That’s the challenge the Spurs now face. Move forward with large changes, or believe in an aging roster and maintain the status quo. Spurs fans have wanted large changes, as most fans do, but for the Spurs those large changes come at a massive cost.
The Spurs could bring back their roster from this past season almost fully intact, with perhaps a change here or there depending on the free agent status of Marco Belinelli and the looming retirement question for Manu Ginobili. Or they could redefine their organization by making a play for a max free agent like LaMarcus Aldridge.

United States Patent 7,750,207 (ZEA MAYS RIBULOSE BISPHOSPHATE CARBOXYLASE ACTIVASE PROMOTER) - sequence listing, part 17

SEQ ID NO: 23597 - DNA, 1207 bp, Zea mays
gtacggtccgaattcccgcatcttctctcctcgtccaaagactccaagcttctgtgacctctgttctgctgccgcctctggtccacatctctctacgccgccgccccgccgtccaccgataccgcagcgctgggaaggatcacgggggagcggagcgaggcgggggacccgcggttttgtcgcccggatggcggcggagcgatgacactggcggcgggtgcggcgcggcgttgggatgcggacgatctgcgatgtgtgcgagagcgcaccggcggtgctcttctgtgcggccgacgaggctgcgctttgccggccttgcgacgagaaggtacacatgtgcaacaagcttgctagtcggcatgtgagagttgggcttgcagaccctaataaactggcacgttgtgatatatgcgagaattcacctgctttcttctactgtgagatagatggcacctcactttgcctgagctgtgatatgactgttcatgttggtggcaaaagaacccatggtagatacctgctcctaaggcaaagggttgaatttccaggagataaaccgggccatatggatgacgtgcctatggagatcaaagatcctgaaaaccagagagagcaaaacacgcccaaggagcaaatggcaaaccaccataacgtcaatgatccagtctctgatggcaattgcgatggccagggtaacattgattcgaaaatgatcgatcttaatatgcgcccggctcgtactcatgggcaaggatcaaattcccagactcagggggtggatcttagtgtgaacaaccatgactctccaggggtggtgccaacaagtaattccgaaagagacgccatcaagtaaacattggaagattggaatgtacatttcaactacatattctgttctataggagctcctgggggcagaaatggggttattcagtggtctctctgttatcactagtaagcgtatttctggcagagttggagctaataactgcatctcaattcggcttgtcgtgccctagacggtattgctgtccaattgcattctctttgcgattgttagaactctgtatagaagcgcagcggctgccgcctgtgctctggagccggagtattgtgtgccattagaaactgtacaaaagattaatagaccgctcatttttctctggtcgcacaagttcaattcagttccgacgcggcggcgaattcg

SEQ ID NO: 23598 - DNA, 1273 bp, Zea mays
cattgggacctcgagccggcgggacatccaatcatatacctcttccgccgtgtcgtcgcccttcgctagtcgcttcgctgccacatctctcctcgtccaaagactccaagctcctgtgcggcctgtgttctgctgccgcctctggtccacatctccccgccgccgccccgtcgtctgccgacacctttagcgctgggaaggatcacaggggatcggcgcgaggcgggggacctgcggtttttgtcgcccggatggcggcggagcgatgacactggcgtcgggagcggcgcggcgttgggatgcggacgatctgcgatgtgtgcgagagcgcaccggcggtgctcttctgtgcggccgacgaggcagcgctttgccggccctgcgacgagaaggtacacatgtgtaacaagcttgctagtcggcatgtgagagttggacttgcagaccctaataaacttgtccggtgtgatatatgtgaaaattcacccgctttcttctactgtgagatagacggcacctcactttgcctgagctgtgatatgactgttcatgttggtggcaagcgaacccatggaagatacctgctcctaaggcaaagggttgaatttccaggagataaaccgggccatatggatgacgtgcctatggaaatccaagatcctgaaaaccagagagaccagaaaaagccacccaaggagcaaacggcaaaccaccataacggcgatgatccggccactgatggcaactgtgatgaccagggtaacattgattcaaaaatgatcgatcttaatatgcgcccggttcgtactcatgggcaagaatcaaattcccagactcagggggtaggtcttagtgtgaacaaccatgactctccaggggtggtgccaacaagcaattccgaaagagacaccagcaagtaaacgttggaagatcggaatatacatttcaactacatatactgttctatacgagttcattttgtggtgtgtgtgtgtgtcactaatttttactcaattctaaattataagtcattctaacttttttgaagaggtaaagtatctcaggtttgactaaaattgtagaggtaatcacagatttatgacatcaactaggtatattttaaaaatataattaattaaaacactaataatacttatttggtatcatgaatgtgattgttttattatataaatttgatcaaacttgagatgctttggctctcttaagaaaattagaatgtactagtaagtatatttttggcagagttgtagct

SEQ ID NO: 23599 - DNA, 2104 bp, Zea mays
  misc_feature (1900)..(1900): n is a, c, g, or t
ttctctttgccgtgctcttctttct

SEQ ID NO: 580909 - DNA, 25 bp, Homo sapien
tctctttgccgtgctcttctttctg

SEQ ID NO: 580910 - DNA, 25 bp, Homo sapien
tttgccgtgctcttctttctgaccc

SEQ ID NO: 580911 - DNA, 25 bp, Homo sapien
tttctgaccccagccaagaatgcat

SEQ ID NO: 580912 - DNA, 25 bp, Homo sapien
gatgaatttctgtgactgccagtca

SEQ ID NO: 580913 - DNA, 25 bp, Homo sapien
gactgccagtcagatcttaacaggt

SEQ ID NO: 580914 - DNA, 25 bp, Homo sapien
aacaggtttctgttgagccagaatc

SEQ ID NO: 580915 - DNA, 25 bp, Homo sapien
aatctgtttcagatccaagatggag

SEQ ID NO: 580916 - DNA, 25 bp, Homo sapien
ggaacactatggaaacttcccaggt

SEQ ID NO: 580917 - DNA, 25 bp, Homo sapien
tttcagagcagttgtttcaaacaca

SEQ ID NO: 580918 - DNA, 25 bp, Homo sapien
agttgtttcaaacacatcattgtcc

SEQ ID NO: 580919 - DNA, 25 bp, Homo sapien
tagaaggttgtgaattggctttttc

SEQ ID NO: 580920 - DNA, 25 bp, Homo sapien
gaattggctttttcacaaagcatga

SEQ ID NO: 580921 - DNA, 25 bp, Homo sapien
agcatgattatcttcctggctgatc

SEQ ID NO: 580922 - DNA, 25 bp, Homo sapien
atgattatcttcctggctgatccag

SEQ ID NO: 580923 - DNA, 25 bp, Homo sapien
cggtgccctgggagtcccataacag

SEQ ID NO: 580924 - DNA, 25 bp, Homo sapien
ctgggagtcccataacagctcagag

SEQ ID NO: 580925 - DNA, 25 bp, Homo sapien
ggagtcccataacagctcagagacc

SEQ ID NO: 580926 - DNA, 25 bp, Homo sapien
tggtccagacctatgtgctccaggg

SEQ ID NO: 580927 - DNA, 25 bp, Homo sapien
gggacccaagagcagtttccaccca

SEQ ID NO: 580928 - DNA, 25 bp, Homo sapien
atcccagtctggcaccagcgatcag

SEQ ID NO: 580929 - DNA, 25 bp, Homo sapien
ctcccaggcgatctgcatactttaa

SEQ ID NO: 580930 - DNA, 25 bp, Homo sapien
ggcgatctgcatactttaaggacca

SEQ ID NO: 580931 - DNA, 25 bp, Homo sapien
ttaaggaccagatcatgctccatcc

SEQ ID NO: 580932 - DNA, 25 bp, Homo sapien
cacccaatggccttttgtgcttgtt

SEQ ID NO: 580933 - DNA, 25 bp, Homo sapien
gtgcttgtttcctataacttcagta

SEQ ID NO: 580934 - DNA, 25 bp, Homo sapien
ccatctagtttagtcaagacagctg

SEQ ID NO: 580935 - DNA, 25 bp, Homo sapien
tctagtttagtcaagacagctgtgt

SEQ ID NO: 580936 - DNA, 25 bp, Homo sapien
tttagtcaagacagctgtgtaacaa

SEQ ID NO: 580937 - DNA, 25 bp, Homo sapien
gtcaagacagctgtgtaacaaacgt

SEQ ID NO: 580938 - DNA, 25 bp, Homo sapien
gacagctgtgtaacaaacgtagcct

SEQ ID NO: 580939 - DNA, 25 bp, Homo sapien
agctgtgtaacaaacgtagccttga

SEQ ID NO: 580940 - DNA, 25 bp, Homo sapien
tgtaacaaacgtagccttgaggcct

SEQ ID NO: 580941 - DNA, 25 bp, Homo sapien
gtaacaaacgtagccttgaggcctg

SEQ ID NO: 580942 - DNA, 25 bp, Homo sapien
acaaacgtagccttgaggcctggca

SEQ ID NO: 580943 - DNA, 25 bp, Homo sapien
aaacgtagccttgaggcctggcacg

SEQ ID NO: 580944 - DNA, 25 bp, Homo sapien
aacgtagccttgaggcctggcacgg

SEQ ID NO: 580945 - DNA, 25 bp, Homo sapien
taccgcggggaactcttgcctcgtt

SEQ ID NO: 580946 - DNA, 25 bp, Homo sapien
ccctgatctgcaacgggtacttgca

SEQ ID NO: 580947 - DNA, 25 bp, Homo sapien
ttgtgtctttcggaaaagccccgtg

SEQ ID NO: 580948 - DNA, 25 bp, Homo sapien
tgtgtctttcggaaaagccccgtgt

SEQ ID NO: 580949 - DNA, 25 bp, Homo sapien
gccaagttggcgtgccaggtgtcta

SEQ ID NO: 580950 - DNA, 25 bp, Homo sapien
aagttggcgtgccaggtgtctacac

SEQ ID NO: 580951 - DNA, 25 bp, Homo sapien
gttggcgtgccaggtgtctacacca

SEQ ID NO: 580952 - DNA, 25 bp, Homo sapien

The LaMarcus Aldridge route is perceived to be the fastest path towards sustained championship contention, and it’s hard to disagree; we’re a society that demands quick fixes.
There’s a reason the Spurs have never been about the quick fix. Remember, David, a perceived weakness has been a massive strength. The Spurs have used continuity to out scheme the rest of the league, and a move for Aldridge would alter that.
Next year’s salary cap will be set around $67 million. Parker, Diaw, Mills, Splitter and Anderson will take up about $34 million. Kawhi Leonard will assuredly receive a max deal starting at around $16 million annually, but his cap hold is about $7.2 million, and the Spurs can sign Kawhi last and use his Bird Rights to exceed the cap limit.